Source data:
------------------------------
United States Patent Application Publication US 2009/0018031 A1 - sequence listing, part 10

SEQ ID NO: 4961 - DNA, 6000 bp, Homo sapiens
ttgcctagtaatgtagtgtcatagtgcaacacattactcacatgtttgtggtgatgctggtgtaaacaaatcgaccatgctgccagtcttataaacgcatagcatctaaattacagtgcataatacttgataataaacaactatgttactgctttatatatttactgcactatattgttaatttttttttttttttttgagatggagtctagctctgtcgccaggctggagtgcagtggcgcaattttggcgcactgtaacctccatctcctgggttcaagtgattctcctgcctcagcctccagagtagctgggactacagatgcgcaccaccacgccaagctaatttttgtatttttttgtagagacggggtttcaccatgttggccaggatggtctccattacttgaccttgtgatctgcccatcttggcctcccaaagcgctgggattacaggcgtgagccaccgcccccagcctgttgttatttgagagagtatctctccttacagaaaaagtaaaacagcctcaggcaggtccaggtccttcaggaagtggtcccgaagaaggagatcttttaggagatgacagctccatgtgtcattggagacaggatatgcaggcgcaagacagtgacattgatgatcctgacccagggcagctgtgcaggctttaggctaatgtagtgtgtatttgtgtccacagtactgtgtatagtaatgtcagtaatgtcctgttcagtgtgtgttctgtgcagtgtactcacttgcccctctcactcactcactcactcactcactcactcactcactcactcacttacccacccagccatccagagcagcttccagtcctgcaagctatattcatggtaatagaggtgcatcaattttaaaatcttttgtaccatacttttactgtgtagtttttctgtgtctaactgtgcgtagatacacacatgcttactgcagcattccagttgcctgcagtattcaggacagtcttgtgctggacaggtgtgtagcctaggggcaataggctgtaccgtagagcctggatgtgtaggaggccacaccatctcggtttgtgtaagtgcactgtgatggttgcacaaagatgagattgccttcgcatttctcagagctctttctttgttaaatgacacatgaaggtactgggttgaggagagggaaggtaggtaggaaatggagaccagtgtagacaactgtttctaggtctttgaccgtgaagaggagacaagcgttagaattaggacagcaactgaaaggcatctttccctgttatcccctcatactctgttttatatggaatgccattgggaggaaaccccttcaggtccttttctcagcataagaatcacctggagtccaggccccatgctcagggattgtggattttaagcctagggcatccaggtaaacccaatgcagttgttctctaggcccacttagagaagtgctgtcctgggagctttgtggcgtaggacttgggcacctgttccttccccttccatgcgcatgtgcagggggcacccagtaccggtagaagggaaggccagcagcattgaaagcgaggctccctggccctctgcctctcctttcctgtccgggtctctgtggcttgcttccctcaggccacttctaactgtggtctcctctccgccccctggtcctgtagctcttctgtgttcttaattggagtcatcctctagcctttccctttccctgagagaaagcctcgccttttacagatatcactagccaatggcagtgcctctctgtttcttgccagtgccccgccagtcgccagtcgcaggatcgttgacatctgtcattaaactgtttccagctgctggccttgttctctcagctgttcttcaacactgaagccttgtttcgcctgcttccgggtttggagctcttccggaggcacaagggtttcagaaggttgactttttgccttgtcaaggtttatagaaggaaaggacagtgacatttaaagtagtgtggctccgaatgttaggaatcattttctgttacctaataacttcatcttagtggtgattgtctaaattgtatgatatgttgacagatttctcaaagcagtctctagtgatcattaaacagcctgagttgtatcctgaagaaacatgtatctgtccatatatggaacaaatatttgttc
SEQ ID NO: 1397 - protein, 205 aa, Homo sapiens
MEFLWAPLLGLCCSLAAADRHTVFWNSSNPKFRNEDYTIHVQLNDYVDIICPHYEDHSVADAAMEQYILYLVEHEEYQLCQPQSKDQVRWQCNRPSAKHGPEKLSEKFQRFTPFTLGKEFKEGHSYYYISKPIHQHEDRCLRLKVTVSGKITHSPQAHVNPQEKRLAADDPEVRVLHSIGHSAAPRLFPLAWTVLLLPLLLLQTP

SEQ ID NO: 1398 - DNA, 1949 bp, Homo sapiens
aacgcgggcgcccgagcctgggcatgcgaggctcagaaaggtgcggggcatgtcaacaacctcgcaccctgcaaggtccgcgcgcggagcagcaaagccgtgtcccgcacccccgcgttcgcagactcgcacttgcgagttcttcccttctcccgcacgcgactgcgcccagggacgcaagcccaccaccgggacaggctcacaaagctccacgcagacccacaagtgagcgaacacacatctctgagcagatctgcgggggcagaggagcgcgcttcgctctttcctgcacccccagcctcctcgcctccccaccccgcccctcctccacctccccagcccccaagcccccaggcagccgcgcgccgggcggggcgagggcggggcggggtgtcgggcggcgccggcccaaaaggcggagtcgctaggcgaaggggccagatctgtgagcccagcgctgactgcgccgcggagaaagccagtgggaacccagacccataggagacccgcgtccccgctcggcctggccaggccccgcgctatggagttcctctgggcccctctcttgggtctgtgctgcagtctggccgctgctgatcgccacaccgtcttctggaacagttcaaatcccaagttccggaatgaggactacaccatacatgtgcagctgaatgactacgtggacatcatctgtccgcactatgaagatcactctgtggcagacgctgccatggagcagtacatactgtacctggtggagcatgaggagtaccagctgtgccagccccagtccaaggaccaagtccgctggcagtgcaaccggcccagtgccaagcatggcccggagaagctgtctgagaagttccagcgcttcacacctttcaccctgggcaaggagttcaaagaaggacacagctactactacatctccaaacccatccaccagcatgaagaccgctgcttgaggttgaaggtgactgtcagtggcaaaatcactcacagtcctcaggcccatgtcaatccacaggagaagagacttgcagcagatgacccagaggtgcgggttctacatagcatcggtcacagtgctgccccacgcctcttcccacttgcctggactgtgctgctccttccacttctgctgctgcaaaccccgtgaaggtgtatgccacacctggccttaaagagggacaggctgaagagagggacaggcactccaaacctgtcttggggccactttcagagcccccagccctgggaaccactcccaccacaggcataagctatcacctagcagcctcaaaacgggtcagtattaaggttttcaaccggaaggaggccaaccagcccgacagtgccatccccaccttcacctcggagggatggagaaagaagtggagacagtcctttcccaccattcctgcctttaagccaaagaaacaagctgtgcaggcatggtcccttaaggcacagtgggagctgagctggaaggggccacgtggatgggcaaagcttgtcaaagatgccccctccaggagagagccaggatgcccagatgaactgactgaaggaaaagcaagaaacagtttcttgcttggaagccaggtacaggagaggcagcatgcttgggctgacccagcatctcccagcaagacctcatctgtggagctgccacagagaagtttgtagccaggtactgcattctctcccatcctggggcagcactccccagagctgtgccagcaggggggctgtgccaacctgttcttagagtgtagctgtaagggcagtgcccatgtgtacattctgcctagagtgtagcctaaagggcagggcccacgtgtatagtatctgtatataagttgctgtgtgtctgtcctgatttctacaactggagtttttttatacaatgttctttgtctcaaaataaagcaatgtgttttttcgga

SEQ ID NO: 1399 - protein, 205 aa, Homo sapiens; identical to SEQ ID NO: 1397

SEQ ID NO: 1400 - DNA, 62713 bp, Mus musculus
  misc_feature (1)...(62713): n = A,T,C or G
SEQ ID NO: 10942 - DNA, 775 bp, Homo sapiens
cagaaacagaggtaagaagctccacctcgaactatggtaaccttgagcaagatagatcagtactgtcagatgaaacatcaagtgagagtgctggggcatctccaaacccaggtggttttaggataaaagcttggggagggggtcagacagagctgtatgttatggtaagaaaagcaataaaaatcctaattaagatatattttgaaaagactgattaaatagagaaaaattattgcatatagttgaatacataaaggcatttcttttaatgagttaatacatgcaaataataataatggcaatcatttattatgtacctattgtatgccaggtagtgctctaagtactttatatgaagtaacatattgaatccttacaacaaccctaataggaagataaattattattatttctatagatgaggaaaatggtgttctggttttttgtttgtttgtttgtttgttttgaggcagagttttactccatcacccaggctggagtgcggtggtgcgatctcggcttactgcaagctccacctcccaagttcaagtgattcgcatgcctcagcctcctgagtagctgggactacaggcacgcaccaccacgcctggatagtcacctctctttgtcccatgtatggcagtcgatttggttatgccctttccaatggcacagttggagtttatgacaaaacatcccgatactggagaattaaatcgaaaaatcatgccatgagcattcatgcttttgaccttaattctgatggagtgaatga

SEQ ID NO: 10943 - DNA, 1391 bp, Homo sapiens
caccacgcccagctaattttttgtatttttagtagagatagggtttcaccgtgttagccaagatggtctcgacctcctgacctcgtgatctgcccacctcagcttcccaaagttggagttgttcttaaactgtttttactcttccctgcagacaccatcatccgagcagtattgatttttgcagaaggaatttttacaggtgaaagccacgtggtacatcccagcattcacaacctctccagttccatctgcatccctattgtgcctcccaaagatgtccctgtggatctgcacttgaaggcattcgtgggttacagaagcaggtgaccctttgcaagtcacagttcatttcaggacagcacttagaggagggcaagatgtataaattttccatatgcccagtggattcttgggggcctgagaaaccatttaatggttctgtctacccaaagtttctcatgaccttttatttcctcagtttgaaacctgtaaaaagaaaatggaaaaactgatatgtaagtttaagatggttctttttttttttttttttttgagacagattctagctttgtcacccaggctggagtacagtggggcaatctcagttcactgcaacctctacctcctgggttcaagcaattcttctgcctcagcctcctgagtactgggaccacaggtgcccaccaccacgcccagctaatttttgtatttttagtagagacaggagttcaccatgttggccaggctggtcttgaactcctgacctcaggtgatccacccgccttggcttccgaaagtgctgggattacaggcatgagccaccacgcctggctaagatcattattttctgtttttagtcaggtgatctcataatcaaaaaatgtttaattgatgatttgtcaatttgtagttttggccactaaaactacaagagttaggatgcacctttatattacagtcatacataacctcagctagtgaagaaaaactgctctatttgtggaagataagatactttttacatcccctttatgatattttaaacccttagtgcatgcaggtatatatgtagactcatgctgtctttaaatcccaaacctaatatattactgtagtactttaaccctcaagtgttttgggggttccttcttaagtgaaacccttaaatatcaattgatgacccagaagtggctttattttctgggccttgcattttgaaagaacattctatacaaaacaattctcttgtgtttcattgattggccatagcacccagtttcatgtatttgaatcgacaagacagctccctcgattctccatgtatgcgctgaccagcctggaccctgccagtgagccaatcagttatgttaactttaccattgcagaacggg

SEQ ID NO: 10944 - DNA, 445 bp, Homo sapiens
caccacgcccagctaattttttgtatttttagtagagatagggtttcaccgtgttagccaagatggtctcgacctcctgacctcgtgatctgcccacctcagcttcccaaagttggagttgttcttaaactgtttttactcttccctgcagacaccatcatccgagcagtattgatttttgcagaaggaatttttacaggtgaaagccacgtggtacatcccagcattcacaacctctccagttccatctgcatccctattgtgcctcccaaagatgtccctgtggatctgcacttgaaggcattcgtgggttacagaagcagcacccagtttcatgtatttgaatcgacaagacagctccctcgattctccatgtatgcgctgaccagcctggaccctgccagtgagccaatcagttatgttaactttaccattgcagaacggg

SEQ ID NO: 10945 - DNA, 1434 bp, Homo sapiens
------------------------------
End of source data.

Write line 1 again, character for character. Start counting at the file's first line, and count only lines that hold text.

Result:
United States Patent Application Publication US 2009/0018031 A1 - sequence listing, part 10